Why did the judge come to these conclusions?

On the first issue, the judge examined the evidence in order to assess the prospect of product liability claims being made in the future. The evidence was that Powertrain had ceased to trade for more than nine years. As at the date of the hearing, no proofs had been lodged in Powertrain’s liquidation or otherwise notified to its office-holders in respect of product liability claims. No notifications had been made against the wider group of companies relating to post-appointment supplies, which could potentially give rise to expense liabilities. None of the 120 product liability claims that had been made under the group’s insurance policy since 2000 had been made against Powertrain itself. Of the 93 claims that had not been settled, only 36 could, on their face at least, relate to Powertrain products, and all of those both related to events before administration and appeared to have been abandoned or to have become dormant. None of the 27 claims that had been settled by a member of the group or its insurers had been attributed to Powertrain.

Having regard to the above matters and to the lapse of time, which would have given rise to limitation issues in any event, the court held that the chances of product liability claims being made were remote. Further, the court held that creditors had already been kept out of the money in the liquidators’ hands for a considerable period of time. In these circumstances, the court decided that the balance to be struck between paying known creditors sooner rather than later and the injustice of leaving other creditors with no remedy lay strongly in favour of the liquidators making a distribution to the known creditors.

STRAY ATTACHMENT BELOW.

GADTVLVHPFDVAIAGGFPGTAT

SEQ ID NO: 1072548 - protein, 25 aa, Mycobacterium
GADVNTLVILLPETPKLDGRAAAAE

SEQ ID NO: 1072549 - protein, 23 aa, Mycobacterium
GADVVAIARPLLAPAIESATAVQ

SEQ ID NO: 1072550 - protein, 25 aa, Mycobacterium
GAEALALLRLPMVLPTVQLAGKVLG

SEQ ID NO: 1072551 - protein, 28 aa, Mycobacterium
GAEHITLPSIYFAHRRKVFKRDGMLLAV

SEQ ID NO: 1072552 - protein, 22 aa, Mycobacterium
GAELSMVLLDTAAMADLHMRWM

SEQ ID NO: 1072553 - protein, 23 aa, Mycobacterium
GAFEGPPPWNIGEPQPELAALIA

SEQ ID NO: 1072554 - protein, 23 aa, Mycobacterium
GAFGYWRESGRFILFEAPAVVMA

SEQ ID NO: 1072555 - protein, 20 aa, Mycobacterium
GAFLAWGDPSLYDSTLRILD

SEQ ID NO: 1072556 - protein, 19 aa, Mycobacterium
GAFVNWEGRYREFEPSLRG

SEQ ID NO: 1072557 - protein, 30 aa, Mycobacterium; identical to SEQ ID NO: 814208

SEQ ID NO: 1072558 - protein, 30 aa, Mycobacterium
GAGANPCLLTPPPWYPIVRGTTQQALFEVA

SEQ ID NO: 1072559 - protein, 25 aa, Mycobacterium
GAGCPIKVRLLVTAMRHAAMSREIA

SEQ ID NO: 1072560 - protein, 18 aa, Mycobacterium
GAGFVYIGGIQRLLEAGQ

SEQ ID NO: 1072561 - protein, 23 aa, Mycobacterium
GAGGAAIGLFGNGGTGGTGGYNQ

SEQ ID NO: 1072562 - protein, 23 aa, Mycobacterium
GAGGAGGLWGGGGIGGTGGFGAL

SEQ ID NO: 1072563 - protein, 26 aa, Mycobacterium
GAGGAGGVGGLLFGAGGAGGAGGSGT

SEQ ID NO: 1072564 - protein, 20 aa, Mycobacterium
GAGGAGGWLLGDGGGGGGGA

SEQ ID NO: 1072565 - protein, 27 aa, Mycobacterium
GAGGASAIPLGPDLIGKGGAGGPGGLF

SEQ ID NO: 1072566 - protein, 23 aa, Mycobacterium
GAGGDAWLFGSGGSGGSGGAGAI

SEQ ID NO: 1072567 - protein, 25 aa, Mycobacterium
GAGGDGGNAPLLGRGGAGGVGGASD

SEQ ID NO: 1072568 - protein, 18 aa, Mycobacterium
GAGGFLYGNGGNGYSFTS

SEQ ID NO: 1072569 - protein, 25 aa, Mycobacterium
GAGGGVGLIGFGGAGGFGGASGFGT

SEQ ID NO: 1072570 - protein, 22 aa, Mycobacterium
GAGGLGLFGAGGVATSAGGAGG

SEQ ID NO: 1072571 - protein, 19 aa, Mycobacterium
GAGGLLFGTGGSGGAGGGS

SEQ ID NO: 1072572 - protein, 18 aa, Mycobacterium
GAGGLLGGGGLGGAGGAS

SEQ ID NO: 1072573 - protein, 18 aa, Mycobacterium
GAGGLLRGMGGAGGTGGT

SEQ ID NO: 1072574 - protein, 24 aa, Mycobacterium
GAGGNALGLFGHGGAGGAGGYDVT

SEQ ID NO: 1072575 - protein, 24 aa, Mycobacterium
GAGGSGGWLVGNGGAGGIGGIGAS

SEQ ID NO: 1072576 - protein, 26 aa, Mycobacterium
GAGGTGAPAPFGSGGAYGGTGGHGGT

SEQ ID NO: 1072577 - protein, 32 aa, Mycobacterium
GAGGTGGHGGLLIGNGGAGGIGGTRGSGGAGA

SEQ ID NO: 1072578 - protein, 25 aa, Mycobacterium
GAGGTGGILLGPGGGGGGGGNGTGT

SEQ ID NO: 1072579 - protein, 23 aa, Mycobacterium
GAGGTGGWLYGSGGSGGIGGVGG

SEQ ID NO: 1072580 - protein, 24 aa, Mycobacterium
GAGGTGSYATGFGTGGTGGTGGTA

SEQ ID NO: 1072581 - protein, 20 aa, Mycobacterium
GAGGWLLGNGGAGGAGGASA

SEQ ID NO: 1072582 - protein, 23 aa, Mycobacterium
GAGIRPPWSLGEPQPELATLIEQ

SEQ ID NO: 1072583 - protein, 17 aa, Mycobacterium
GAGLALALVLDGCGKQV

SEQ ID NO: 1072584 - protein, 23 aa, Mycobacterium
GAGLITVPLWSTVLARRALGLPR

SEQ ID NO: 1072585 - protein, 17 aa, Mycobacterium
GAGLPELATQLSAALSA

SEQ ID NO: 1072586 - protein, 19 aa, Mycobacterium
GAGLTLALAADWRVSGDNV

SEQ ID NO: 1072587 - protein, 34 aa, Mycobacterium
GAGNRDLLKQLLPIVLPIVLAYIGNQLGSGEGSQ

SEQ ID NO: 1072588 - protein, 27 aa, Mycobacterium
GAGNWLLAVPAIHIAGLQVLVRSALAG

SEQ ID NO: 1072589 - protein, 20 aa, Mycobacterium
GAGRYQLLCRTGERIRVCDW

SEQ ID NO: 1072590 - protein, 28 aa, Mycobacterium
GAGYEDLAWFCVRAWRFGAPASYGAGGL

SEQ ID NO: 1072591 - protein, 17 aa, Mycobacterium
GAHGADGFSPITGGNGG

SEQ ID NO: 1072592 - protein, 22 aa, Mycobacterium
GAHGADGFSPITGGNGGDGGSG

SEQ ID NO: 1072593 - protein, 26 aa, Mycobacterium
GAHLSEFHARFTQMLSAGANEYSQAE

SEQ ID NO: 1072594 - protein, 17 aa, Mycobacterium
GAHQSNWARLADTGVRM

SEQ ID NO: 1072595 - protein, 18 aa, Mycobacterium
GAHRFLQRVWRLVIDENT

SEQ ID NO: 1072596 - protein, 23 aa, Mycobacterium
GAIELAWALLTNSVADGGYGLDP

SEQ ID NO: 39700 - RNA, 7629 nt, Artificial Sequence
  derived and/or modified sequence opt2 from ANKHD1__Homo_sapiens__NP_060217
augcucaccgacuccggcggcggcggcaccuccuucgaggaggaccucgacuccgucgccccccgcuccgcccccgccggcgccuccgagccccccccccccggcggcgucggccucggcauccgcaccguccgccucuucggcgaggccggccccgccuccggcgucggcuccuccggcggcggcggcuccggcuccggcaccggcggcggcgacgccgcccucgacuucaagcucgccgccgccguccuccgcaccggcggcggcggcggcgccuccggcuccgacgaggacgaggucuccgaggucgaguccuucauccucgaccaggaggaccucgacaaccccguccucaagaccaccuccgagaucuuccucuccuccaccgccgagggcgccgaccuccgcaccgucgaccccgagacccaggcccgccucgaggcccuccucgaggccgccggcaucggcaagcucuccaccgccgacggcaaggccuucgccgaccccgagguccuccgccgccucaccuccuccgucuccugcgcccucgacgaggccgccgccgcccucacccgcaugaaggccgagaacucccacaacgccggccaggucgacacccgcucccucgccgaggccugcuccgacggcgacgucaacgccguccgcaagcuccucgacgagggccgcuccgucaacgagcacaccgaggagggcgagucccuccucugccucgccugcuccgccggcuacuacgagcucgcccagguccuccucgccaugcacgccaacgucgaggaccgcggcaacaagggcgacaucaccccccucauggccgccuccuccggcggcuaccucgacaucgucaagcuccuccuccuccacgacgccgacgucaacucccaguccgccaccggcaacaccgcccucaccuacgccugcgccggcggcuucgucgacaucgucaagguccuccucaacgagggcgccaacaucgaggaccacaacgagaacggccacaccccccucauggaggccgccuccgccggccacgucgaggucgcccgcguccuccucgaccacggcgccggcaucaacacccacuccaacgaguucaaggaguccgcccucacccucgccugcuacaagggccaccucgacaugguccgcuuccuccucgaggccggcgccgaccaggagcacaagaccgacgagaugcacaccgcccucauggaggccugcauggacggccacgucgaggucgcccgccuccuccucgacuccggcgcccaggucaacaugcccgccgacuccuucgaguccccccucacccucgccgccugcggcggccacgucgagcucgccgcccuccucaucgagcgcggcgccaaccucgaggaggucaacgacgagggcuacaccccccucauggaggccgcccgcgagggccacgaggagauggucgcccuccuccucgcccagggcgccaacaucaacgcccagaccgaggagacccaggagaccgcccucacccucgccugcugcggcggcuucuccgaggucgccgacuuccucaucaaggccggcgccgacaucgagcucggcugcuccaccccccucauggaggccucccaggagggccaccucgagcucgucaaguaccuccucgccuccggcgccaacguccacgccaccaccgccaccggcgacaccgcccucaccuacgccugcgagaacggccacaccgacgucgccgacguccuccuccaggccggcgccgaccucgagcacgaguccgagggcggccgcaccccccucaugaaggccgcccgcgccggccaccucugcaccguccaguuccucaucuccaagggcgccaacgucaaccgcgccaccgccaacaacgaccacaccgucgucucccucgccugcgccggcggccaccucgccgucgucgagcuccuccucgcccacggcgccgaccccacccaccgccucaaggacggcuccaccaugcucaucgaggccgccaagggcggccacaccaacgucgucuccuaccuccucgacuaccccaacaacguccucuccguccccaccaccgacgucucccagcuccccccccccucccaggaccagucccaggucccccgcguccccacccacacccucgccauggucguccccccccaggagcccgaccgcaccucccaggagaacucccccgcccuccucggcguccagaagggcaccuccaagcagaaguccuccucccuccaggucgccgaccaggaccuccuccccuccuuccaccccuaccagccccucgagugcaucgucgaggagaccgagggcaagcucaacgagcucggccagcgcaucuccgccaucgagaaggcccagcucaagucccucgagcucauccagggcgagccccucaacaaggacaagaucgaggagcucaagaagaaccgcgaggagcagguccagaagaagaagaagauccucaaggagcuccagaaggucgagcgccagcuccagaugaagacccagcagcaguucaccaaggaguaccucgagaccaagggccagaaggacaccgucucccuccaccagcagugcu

On the second issue, the court held that all that ‘officer’ meant in CA 2006, s 1157 was someone who held an office in relation to a company. In support of this, the court relied, in particular, on the case of Re Home Treat Ltd [1991] BCC 165.

What can liquidators take away from this judgment?

If a liquidator wishes to make a distribution, but there is a possibility of further claims being made in the liquidation, the liquidator should not do anything without first making an application for directions to the court. In order to protect the liquidator, this should be coupled with an application under CA 2006, s 1157, in the event that the court authorises a distribution to be made.

Each case will, however, depend on its facts. For example, in the case of Re R-R Realisations Ltd (formerly Rolls-Royce Ltd) [1980] 1 All ER 1019, the court refused to give permission to liquidators of the company to distribute the remaining assets to the members of the company when they had received claims, albeit very late, arising out of an aircraft accident. In Re R-R Realisations, the court found that it would be unjust to allow the distribution and to deprive these creditors of making an effective claim against the company. The court was also influenced by the fact that the proposed distribution was to be made to the company’s members. It held that a court would be more reluctant to facilitate a distribution among members than it would if the distribution were to be to creditors.

Tina Kyriakides has a strong practice in general commercial and chancery litigation and advisory work that covers company law, corporate and personal insolvency, contract, commercial fraud, lending and other finance transactions, mortgages, guarantees and other securities. She is consultant editor of Corporate Recovery & Insolvency, published by Butterworths and has authored various LexisPSL Restructuring and Insolvency practice notes on individual voluntary arrangements and company voluntary arrangements.

Interviewed by Barbara Bergin.

The views expressed by our Legal Analysis interviewees are not necessarily those of the proprietor.

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First published on LexisPSL Restructuring and Insolvency